Candy-coloured BMW i Vision Dee is a compact concept swathed in an E Ink skin

BMW i goes full colour with its bold new concept car, combining E Ink exterior paint with minimal trim and a direct connection to the digital world

BMW i Vision Dee Concept in multicoloured E Ink panels
(Image credit: BMW)

There’s an awful lot to unpack from the expansive information released by BMW to accompany its latest concept, the BMW i Vision Dee. Unveiled at CES 2023 in Las Vegas, further cementing the show’s importance in the tech mobility world, the awkwardly named i Vision Dee was released alongside a panoply of tech advances, including an emphasis on the ongoing blending of real and virtual worlds.

BMW i Vision Dee Concept from rear, with E Ink exterior on pink background

(Image credit: BMW)

BMW i Vision Dee concept with E Ink

The concept’s most striking party trick comes courtesy of E Ink embedded body panels, divided into 240 segments. Last year’s BMW iX Flow concept debuted this tech in black and white; the BMW i Vision Dee has the chameleon-like ability to change its exterior using up to 32 colours. 

Beyond futuristic peacocking, there are a few potential practical applications for such a showstopping trick – making your car’s colour flash in a busy parking lot, perhaps, or signalling intentions to other drivers. Even the large wheels are segmented into E Ink ‘spokes’, allowing for striking colour combinations.

BMW i Vision Dee Concept in pink on yellow background

(Image credit: BMW)

The form of the panels themselves marks another departure for the Bavarian brand. In recent years, the company’s signature double-kidney grille has expanded into a vast chromed maw, much to the detriment of the once-refined BMW corporate face. This new concept comes full circle, expanding the grille forms into the entire front end of the car, stripping them of decoration and incorporating lights and sensors to make for a simple, elegant ‘face’.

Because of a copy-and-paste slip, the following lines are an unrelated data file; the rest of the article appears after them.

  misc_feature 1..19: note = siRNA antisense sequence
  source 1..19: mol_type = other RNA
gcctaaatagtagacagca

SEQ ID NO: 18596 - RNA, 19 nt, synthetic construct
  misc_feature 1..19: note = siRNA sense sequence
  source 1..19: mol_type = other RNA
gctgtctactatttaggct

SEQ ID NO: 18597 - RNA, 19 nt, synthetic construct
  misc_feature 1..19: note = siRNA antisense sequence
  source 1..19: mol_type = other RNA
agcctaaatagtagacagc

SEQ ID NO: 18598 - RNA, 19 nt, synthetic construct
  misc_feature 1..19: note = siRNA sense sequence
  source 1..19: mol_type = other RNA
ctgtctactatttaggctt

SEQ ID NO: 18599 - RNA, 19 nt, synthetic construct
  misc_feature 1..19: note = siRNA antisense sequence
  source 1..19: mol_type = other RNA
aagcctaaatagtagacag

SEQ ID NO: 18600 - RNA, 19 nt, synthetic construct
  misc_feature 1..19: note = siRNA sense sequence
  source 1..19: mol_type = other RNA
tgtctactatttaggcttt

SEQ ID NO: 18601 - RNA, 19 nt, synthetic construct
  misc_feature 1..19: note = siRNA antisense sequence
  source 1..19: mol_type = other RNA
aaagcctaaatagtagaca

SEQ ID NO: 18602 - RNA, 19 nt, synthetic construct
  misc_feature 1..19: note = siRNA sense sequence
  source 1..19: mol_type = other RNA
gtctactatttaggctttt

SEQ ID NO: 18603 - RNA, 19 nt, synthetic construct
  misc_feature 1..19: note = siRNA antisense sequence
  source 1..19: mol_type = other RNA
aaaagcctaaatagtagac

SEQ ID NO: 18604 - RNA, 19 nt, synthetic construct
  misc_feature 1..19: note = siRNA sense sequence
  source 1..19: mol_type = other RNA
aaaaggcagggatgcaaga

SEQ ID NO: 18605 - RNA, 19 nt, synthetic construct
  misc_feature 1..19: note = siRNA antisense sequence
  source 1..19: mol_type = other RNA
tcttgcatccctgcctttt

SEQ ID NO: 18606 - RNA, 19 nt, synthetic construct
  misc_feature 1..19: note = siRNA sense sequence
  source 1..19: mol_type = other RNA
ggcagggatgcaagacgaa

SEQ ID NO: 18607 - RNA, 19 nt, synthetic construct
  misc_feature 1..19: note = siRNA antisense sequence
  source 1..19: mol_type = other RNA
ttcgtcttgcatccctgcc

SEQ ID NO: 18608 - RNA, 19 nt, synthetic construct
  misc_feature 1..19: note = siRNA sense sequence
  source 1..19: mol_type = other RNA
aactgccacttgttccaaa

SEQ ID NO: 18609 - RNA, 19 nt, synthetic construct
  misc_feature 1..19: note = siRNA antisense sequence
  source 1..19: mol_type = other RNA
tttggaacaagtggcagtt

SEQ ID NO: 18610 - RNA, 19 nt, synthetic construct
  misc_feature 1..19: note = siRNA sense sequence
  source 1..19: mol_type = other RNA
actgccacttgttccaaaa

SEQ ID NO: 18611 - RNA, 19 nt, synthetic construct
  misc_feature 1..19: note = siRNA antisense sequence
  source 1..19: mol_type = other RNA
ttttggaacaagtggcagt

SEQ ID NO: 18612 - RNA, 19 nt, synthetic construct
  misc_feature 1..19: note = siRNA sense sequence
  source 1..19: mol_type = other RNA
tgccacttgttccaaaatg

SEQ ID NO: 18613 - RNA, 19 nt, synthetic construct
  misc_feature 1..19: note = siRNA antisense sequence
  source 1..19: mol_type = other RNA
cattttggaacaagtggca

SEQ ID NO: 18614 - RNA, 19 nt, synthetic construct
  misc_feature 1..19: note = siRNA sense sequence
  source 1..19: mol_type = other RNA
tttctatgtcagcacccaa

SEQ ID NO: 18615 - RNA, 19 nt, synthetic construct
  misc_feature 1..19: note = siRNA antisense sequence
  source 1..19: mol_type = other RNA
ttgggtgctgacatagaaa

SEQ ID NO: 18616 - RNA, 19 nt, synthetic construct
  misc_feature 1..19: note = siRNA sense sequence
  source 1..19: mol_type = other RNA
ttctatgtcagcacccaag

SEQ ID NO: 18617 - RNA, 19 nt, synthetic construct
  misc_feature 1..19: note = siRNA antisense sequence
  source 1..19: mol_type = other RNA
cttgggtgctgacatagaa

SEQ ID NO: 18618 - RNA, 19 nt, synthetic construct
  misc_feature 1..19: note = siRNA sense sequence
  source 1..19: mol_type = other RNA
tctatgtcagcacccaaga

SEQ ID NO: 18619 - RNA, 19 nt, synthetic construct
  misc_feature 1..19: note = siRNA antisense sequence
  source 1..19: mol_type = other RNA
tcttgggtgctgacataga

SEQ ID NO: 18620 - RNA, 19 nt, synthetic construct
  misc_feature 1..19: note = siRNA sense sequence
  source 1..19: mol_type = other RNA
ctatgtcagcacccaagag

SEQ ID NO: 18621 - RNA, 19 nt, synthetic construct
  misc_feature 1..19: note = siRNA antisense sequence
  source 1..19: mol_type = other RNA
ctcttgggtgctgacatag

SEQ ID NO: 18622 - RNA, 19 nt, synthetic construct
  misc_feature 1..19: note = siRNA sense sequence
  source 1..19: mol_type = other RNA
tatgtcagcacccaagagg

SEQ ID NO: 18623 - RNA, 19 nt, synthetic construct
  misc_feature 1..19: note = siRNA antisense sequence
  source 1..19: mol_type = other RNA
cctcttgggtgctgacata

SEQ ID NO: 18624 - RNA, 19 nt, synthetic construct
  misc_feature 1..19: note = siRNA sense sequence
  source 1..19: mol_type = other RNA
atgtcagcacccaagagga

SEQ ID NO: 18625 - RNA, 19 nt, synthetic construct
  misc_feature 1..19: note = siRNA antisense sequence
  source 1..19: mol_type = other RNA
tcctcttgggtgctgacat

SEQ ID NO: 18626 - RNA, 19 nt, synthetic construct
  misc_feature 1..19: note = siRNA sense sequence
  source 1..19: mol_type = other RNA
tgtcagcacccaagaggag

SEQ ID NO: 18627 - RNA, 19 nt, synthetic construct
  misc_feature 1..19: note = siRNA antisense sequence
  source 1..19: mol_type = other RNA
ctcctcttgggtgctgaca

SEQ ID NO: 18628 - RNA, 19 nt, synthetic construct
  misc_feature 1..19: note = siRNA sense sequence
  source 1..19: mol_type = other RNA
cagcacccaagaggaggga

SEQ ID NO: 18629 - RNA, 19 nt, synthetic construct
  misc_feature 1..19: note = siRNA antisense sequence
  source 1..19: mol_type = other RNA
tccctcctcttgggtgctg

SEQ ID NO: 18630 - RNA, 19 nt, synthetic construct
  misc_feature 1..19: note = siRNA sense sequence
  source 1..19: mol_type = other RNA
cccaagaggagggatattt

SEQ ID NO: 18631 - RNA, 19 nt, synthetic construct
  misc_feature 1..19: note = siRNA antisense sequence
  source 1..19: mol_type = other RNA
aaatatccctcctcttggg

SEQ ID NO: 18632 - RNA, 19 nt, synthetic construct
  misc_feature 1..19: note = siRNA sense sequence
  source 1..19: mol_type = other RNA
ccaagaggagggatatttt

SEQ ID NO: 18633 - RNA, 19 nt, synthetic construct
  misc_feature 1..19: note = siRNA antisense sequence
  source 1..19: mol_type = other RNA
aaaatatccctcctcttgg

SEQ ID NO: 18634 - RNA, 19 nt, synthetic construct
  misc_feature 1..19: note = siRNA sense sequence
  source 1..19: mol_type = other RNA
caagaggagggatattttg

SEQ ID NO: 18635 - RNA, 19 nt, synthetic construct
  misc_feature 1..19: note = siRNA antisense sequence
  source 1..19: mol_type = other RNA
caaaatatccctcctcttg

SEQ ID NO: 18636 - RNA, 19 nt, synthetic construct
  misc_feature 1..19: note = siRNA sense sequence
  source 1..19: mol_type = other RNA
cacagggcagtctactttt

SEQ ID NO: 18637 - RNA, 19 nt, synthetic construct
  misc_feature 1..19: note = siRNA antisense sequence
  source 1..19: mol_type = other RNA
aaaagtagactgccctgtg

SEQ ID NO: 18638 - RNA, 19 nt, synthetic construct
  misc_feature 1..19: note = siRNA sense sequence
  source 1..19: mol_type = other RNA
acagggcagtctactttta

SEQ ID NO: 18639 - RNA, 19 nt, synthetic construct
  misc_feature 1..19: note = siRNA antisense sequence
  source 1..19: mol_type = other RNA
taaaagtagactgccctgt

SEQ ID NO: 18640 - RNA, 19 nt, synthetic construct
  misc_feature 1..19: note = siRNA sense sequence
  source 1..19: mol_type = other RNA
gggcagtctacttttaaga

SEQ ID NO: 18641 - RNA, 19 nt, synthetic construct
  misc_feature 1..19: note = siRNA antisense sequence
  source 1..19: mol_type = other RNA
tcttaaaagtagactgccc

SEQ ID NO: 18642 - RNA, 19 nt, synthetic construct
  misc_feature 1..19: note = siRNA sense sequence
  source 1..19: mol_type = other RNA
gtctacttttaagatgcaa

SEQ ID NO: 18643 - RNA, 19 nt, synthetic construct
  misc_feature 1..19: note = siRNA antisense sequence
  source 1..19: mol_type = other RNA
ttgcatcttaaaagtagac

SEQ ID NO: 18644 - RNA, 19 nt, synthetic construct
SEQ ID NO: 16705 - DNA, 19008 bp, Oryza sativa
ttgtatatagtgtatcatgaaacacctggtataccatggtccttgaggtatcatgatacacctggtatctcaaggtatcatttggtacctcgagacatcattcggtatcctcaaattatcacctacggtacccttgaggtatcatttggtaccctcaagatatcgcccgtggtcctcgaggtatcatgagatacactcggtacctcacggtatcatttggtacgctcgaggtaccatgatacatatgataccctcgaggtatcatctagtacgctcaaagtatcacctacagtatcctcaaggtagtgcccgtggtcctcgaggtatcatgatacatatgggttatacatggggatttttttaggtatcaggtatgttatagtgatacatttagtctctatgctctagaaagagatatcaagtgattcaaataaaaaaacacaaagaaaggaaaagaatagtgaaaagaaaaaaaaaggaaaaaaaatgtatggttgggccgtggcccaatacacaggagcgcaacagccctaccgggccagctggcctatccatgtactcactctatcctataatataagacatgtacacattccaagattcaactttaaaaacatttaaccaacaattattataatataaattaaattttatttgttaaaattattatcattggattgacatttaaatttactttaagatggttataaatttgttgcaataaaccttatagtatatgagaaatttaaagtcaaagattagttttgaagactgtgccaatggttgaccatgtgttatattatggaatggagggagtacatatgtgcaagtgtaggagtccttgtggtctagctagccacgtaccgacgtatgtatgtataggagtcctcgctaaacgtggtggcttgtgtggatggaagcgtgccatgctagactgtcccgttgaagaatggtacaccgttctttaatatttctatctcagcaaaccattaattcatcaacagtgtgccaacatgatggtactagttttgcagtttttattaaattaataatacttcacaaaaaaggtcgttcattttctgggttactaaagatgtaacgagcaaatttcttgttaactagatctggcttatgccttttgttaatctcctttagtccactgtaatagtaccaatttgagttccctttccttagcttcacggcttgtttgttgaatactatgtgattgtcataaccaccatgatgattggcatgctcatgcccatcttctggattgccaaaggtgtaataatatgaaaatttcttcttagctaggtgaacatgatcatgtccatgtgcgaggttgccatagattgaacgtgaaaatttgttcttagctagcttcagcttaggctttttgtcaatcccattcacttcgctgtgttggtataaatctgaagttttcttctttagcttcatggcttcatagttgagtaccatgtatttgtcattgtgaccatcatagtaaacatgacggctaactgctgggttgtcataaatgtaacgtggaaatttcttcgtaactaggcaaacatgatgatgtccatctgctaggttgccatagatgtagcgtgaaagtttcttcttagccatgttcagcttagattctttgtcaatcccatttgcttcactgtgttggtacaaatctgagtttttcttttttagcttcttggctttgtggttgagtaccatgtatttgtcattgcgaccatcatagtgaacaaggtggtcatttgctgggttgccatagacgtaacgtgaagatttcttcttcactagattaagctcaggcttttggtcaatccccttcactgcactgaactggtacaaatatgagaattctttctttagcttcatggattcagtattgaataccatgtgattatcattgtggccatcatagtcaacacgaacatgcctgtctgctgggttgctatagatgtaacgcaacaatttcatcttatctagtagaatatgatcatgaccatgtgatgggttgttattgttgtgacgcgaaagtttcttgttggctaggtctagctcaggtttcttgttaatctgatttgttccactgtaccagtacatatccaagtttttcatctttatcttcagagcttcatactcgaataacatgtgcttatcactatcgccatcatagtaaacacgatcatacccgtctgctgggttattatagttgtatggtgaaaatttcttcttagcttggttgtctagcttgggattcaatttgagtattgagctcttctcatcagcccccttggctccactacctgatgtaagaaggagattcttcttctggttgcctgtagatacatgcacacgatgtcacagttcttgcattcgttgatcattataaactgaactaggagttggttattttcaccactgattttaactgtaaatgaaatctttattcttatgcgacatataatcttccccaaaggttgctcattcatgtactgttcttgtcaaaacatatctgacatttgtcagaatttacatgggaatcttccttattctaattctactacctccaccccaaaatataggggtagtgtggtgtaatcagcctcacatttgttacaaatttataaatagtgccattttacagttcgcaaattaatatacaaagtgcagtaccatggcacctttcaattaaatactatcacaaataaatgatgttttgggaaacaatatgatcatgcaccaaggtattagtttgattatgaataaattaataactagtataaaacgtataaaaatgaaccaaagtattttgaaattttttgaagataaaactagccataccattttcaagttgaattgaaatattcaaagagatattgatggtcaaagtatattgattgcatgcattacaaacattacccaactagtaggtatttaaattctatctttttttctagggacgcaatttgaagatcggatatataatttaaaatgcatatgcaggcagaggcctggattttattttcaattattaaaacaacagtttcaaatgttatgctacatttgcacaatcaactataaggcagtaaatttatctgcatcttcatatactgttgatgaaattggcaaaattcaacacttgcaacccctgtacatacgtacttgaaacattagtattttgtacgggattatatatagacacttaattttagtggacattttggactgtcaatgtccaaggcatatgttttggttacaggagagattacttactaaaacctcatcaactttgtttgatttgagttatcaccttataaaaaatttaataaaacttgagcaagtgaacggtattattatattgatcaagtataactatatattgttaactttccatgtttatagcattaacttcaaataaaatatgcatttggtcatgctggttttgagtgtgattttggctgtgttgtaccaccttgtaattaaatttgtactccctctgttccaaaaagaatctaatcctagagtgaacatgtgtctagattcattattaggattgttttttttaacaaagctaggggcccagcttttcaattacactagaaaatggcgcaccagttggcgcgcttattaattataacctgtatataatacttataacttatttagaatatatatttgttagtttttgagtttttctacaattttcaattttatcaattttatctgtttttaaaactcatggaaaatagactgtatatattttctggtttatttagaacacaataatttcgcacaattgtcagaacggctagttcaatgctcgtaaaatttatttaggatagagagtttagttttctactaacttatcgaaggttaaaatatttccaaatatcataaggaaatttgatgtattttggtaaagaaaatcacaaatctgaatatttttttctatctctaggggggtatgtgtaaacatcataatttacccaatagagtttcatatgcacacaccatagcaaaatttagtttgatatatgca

BMW i Vision Dee Concept: close-up of logo on white bodywork

(Image credit: BMW)

The minimalist theme continues throughout the exterior, which eschews the somewhat gawky proportions of recent mainstream BMW models in favour of a simple, purist line. If anything, it evokes the meticulous balance of ‘three box’ BMWs from the 1970s and 1980s; a bonnet, body and boot. In this respect, BMW is following companies like Hyundai, showcasing electrification through a retro-futuristic, synthwave-drenched visionary approach.

BMW i Vision Dee Concept with yellow contrast wheel hub

(Image credit: BMW)

The other key tech is ‘digital performance’. ‘Dee’ stands for Digital Emotional Experience, and the concept blends its bank of screens with what BMW calls a ‘Mixed Reality Slider’. The stripped-back interior has a five-step selector that allows customers to ramp up their information levels from a basic ‘analogue’ set-up all the way to full ‘phygital’ immersion, with dimmable windows that can ‘gradually fade out reality’. On the exterior, the E Ink panels and grille can be used to change the ‘emotional’ appearance of the car. 

BMW i Vision Dee Concept car interior with steering wheel and driver seat

(Image credit: BMW)

Will this ever reach production? In terms of silhouette, the BMW i Vision Dee offers a template for the next generation of 3-Series, one of the mainstays of the BMW range. The company’s concepts flip between lightly disguised versions of production-ready cars and far-future speculations. There’s nothing about this new vision that is particularly far-fetched – although the E Ink paintwork probably isn’t ready for the real world just yet.

BMW i Vision Dee Concept car interior

(Image credit: BMW)

BMW has dubbed its projected design direction the Neue Klasse, marking a post-combustion pivot point for the company. With design stripped back to a minimum, information and entertainment are set to become more and more important, not just to customers but to the company’s bottom line. 

BMW i Vision Dee Concept, grid of four cars side-on with different colours showing on E Ink panels

(Image credit: BMW)

BMW is controversially pressing ahead with plans to bundle many common optional extras, like the Parking Assistant Professional system, into a series of monthly subscription models. Self-expression, seamless communication, and all-round digital immersion might well be the future of mobility, but it looks like it’ll come at a price.

BMW i Vision Dee Concept with yellow roof and purple sides, thanks to E Ink panels

(Image credit: BMW)

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Jonathan Bell has written for Wallpaper* magazine since 1999, covering everything from architecture and transport design to books, tech and graphic design. He is now the magazine’s Transport and Technology Editor. Jonathan has written and edited 15 books, including Concept Car Design, 21st Century House, and The New Modern House. He is also the host of Wallpaper’s first podcast.